If your offer is accepted this should be put in writing.

The important thing to bear in mind at this stage is that you’re still not home and dry.

You can spend money on the valuation / survey, solicitors fees etc. and then find you’ve been gazumped and have to start all over again. Welome to Paranoia City.


Gazumping is where the seller has accepted your offer but then agrees to sell to another buyer  for more money

Aaaargh !!. You thought you were safe. The Estate Agent is legally bound to pass on all offers to their client, the seller and, of course, the higher the offer the bigger their commission…

A favourite trick of the trade is to pretend there’s been a higher offer at a crucial moment just to see if you’ll raise your offer… Nice!

Gazundering – on the other hand – is the opposite of gazumping – where the buyer tries to get the seller to accept a lower offer just before contracts are about to be exchanged.


To avoid being Gazumped:

Ask that the property is taken off the market. If they know you’re ready ie you have a mortgage in principle and are serious then the seller should agree to this.

But there’s no real guarantee that competitors will be kept away, especially if the house is in demand.

You must get this in writing – or it really is meaningless.


A lock in agreement (aka a lock out or preliminary agreement or exclusivity agreement) could be made at this stage. This commits both parties to exchanging in a certain time.



Here’s how a Lock-in agreement works

The buyer and seller agree to pay a deposit – often 2% of the house price.

If either side changes their minds about the sale during an agreed period or, say, tries to change the price without good reason then they lose their deposit – usually to the other party, or perhaps a charity.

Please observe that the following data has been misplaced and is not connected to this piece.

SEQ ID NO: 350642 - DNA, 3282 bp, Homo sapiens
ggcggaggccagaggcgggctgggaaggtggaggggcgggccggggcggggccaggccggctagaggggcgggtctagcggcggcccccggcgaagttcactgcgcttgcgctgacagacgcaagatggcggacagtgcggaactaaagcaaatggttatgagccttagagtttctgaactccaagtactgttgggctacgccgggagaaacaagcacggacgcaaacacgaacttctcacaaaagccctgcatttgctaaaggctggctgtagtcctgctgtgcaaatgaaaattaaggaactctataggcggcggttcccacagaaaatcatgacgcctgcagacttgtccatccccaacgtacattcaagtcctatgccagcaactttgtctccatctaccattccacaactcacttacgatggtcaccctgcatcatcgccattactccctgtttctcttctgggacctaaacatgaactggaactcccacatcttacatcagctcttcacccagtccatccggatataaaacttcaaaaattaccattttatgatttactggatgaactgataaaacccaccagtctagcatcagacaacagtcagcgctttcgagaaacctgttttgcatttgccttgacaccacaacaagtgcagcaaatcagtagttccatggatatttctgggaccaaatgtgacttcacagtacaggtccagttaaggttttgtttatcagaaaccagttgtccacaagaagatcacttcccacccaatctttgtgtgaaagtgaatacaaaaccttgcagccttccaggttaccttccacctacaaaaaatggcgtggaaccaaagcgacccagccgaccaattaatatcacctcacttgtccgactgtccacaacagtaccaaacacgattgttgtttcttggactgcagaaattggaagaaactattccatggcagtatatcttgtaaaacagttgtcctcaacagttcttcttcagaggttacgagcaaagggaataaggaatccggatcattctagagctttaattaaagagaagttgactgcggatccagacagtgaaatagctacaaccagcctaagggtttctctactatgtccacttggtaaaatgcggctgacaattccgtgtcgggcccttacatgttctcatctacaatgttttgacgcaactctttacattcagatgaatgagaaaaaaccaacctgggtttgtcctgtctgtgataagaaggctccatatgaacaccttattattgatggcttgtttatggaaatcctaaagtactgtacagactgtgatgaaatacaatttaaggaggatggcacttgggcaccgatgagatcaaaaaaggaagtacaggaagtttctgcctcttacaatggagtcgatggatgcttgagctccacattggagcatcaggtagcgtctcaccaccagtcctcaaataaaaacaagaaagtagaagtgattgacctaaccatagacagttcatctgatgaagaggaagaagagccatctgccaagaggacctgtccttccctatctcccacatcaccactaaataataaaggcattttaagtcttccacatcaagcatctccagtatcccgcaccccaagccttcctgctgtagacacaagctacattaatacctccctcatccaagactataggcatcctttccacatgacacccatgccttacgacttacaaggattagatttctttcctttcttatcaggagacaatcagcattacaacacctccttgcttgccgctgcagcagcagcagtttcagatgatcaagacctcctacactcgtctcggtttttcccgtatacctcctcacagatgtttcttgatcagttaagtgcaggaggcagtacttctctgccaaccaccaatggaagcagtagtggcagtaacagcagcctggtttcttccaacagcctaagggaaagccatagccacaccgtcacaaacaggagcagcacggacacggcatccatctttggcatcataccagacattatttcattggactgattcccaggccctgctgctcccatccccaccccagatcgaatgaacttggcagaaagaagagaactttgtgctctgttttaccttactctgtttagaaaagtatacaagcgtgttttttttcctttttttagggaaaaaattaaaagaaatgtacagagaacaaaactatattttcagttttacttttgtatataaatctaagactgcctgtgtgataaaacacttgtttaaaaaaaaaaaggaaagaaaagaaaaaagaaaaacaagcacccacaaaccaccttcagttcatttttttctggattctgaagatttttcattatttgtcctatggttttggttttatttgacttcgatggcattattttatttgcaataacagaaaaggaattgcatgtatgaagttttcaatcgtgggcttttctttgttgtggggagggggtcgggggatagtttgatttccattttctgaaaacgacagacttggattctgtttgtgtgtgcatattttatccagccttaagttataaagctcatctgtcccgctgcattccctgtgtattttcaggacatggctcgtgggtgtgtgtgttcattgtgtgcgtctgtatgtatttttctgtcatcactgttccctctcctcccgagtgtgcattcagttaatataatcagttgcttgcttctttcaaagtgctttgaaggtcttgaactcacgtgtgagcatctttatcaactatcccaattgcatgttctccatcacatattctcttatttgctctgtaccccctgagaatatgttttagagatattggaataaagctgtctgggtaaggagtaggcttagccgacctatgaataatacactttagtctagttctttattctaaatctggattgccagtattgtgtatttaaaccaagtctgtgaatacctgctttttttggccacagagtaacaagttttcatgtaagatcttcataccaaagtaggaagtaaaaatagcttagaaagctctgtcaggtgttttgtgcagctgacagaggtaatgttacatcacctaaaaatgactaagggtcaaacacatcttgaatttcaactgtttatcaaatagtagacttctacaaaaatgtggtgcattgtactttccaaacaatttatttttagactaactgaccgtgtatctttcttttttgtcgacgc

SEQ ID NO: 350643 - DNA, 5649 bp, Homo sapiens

(Each possible reason should be pre-agreed eg if problems are found with the survey and so on.)

The “lock out” name derives from the sellers agreeing not to offer it to anyone else for a defined period.

These agreements can cost more money in legal fees but should give invaluable peace of mind at what is a very stressful time.


Note that if your solicitor doesn’t like the idea then it might be an idea to look elsewhere for legal advice.

Their reluctance might only be because these agreements are relatively uncommon and your solicitor may not know how to write one. They may not admit this so, unless they can give you good reasons why not to do one, think about shopping around for someone who is willing and able.

These agreements usually last for 10 days. They should start from when you receive the contract, not from when the offer is accepted.

The sellers could worm out of the agreement by delaying sending you paperwork, but this could also be dealt with in the agreement.


 can be bought to pay you an agreed sum to cover your lost costs if you’re gazumped.